FIELD OF THE INVENTION

The present invention relates generally to materials and devices for coating controlled amounts of liquids on to rolls or other surfaces.

BACKGROUND OF THE INVENTION

In a plain-paper copying (PPC) machine toner images applied to the surface of the paper or other recording medium are fixated by application of heat and pressure. In certain PPC machines, fixation is accomplished by passing the image-bearing recording medium between a hot thermal-fixation roll and a pressure roll. When this type of thermal-fixation device is used, the toner material is directly contacted by a roll surface and a portion of the toner adheres to the roll surface. With subsequent rotation of the roll, the adhered toner material may be redeposited on the recording medium resulting in undesirable offset images, stains, or smears; or, in severe cases, the recording medium may stick to the adhered toner material on the roll and become wrapped around the roll.

To counter these problems, materials having good release properties, such as silicone rubber or polytetrafluoroethylene for example, are often used for the roll surfaces. Use of silicone rubber or polytetrafluoroethylene roll surfaces alone does not eliminate these problems, although such usage has improved performance of the thermal fixation devices.

Another approach used to counter these problems is to include release agents with the toner materials to prevent them from adhering to the roll surface. These oil-less toners also improve performance of the thermal fixation devices, but again, particularly in the case of high-speed type copying machines, do not completely eliminate the problems associated with toner pickup and transfer.

Toner pickup by the rolls can be controlled by coating the surface of at least one of the rolls of a thermal fixation device with a liquid release agent, such as a silicone oil, for example. It is important that such a liquid release agent be applied uniformly and in precise quantities to the surface of the roll. Too little liquid, or non-uniform surface coverage, will not prevent the toner from being picked up and redeposited on the roll. On the other hand, excessive quantities of the liquid release agent may cause silicone rubber roll surfaces to swell and wrinkle, thus producing copies of unacceptable quality. Furthermore, procedures intended to accommodate excess liquids by wiping or scraping them from the roll surface do not always produce favorable results, and, in some cases, such corrective efforts cause excess static electricity that cause further problems.

Devices which claim to uniformly meter and coat a release liquid on copy machine roll surfaces are described in Japanese Laid-Open Patent No. 62-178992. These devices consist of an oil permeation control layer adhered to a thick porous material which serves as a wick or reservoir for supplying oil to the permeation control layer. The permeation control layer is typically a porous polytetrafluoroethylene film which has been impregnated with a mixture of silicone oil and silicone rubber followed by a heat treatment to crosslink the silicone rubber. The thick porous material to which the permeation control layer is adhered is typically porous polytetrafluoroethylene tubing or felts of NOMEX® fibers, glass fibers, carbon fibers, or polytetrafluoroethylene fibers.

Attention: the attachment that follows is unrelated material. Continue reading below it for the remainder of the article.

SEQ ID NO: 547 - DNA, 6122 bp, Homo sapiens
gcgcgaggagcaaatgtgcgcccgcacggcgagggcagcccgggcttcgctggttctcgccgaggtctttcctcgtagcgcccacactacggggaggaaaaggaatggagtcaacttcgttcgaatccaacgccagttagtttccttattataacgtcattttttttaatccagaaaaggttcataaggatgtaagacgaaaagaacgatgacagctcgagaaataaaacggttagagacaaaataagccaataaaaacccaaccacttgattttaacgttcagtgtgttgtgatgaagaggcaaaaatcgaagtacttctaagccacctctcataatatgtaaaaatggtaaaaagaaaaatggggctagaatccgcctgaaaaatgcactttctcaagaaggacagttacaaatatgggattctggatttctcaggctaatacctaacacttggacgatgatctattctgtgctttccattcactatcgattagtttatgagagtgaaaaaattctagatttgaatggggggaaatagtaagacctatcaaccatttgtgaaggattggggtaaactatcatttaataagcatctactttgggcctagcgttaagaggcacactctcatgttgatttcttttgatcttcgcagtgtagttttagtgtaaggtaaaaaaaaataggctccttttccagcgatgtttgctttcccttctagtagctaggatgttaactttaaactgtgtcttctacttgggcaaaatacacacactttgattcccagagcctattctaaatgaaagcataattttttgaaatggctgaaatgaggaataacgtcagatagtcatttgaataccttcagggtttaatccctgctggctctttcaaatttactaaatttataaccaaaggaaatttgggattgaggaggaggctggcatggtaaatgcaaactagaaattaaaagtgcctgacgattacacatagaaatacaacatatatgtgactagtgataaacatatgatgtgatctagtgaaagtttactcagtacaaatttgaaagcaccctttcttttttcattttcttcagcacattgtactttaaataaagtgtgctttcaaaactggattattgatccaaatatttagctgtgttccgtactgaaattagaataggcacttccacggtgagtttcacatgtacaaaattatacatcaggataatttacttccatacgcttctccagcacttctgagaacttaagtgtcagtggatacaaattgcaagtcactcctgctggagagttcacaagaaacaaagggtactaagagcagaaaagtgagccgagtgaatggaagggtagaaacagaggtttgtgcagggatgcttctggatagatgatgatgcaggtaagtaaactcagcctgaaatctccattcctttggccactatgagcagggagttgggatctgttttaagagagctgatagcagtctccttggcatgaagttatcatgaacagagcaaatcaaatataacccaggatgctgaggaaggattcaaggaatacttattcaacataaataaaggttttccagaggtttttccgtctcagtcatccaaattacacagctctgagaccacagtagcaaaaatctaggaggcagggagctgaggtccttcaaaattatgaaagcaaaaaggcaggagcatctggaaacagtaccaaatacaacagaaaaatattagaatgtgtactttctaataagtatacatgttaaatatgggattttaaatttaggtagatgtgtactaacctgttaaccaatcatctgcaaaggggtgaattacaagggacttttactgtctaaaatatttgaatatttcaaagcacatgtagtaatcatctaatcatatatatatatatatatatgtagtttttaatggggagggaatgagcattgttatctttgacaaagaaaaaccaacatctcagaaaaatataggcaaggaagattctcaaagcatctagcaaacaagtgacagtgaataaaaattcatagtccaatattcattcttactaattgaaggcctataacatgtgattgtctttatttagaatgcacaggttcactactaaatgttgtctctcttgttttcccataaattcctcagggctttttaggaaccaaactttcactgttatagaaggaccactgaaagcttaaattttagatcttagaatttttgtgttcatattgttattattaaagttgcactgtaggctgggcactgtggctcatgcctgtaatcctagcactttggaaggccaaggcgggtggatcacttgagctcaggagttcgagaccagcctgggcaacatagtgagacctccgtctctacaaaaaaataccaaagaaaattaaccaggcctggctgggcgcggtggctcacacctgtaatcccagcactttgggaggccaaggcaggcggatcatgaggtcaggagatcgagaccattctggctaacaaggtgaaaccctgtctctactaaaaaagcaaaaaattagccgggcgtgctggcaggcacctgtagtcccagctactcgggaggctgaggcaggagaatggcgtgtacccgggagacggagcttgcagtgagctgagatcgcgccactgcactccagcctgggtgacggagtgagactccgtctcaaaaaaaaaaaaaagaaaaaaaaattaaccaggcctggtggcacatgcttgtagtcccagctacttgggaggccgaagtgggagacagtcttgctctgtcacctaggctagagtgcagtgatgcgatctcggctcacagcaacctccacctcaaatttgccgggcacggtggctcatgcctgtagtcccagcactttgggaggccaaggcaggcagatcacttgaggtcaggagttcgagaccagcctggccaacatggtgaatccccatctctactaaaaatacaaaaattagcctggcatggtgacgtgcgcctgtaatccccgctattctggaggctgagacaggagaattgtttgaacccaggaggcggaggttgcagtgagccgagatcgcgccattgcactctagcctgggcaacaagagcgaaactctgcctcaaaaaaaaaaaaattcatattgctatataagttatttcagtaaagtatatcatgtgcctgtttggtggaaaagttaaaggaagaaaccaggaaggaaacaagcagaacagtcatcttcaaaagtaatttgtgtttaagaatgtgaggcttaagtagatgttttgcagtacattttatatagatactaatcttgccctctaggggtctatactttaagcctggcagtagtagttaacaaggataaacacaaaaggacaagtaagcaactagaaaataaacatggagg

The devices described in Japanese Laid-Open Patent No. 62-178992 meter and uniformly coat roll surfaces with release liquids at rates of 0.3 to 1.0 microliters/A4 size paper copy. They have been used successfully in copying machines and provide satisfactory performance during a life span of from about 80,000 to about 180,000 copies. After such time, usually due to deformation and failure of the thick porous material supporting the permeation control layer or to separation of the permeation control layer from the thick porous layer, they can no longer perform acceptably and must be replaced.

This level of performance and durability is not satisfactory for many high-speed automated PPC machines for which release liquid metering and coating devices capable of delivering much smaller liquid quantities for much higher number of copies are needed. Improved devices designed to meet such higher standards are described in U.S. Pat. No. 5,232,499. These devices consist of a liquid permeation control layer adhered to a porous support. The support comprises an open-celled thermosetting polymer foam internally reinforced to obtain the strength, resilience, and heat resistance needed for high durability. The liquid permeation control layer is comprised of a porous polytetrafluoroethylene film, or in a second embodiment, a porous polytetrafluoroethylene film in which the pores are filled with a mixture of silicone oil and silicone rubber. Both embodiments have been used in PPC machines successfully with lives in excess of 500,000 copies. The second embodiment is preferred in that the silicone rubber/silicone oil/porous polytetrafluoroethylene permeation control layer provides a higher level of control in the release of liquids. Conversely, the first embodiment is preferred in that the surface is composed of 100% porous polytetrafluoroethylene, and thus possesses a very low surface energy giving it excellent release qualities. This high level of release prevents accumulation of toner particles on the device, which can cause undesirable image offsetting in successive copies.